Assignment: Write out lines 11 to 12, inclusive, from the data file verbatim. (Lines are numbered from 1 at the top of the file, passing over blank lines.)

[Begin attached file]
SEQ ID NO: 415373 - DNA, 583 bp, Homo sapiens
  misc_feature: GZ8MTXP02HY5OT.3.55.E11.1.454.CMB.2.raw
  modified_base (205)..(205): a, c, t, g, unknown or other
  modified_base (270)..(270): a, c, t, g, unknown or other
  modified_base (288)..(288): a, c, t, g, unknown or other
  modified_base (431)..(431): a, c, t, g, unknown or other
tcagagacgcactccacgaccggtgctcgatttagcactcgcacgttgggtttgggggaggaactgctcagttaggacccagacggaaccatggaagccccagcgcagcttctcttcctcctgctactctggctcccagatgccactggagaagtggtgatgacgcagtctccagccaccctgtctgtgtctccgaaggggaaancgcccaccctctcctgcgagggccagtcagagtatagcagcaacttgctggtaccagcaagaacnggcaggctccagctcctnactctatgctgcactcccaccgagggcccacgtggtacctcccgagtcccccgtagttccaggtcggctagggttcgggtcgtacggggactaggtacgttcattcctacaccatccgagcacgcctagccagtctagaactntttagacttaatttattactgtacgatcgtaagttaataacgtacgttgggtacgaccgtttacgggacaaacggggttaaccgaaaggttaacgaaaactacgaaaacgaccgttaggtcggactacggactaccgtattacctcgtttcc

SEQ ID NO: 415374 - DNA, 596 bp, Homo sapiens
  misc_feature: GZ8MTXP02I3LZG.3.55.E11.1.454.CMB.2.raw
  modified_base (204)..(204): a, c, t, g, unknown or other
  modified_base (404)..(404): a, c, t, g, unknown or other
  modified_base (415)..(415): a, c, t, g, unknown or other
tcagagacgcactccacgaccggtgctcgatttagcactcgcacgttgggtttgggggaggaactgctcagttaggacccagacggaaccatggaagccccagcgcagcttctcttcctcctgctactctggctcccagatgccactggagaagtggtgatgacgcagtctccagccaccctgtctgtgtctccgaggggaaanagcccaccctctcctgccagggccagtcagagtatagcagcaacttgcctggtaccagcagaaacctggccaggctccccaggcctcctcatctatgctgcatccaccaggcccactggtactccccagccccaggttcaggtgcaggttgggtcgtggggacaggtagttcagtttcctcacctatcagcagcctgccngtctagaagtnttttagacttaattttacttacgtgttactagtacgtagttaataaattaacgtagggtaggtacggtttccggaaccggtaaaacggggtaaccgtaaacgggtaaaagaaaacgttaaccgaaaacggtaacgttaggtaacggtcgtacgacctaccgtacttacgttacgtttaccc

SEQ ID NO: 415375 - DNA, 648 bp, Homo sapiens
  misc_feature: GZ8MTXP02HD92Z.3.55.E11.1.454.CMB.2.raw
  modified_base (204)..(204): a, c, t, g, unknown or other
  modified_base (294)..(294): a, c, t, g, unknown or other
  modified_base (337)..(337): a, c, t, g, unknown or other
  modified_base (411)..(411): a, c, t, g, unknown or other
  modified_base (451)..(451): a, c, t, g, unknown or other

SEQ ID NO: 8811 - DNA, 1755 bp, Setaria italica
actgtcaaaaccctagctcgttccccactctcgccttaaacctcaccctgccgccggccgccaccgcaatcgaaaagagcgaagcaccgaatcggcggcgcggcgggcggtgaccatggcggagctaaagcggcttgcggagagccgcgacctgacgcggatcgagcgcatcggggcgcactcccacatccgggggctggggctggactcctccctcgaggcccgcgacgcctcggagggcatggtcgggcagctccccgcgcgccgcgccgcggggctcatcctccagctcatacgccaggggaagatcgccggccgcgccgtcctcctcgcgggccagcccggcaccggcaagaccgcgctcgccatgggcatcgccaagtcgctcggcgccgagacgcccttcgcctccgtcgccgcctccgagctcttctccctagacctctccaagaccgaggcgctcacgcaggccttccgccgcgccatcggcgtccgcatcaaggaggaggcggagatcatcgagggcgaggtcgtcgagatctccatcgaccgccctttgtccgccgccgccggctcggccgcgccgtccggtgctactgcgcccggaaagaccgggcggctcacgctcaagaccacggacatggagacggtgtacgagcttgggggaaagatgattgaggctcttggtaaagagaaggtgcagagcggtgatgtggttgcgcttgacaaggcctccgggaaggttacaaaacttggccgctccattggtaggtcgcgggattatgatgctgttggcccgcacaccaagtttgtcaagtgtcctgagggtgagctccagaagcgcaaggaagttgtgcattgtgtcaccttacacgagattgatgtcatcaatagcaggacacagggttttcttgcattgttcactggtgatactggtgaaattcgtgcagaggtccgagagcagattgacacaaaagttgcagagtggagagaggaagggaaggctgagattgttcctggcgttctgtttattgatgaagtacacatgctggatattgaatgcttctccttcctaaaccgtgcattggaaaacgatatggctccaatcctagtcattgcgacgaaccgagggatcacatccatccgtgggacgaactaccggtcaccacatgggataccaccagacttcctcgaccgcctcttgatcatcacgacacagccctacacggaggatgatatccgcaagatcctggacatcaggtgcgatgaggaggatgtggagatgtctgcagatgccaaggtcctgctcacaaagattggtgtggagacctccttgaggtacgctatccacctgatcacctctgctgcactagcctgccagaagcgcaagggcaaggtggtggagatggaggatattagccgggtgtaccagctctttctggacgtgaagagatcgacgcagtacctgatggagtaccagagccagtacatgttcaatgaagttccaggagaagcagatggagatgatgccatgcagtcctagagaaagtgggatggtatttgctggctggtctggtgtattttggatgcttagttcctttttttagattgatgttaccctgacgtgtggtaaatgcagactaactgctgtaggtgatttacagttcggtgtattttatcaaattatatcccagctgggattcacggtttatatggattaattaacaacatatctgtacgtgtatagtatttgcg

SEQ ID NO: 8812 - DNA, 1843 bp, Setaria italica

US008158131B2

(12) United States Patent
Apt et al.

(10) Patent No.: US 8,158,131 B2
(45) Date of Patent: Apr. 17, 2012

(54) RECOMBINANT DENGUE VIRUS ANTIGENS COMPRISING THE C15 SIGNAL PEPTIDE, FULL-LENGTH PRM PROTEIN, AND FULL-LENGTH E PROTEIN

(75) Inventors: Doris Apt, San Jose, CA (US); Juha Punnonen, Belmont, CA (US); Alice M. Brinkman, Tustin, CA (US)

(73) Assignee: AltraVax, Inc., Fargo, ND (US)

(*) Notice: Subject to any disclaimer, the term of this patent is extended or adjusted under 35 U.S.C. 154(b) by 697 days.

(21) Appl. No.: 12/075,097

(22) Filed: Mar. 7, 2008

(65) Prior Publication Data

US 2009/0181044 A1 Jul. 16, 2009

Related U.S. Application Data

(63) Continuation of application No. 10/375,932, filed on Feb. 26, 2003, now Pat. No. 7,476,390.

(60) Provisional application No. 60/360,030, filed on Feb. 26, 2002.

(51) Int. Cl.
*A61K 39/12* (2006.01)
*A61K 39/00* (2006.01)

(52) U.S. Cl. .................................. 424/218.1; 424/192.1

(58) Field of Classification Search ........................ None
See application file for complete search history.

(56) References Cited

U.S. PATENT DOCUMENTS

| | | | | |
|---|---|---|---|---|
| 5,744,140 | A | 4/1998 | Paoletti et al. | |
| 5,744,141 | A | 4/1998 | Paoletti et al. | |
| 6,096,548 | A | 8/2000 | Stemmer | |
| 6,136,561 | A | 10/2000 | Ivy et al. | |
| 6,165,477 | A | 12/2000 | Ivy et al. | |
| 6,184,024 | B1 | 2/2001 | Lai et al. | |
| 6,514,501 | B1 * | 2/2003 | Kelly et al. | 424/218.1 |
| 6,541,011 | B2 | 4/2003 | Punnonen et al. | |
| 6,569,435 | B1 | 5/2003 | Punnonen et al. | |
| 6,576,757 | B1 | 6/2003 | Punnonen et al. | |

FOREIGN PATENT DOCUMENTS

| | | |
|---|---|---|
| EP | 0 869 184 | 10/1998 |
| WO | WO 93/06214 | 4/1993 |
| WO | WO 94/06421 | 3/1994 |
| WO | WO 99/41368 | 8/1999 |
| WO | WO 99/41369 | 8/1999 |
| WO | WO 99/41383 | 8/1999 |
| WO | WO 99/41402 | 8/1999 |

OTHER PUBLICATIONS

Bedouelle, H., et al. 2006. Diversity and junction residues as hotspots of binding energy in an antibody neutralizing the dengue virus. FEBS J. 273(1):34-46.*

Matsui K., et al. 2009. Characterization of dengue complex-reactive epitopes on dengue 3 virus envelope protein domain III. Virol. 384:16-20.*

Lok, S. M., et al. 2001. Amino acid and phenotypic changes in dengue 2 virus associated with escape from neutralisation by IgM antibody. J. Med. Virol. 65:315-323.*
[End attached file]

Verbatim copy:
  modified_base (404)..(404): a, c, t, g, unknown or other
  modified_base (415)..(415): a, c, t, g, unknown or other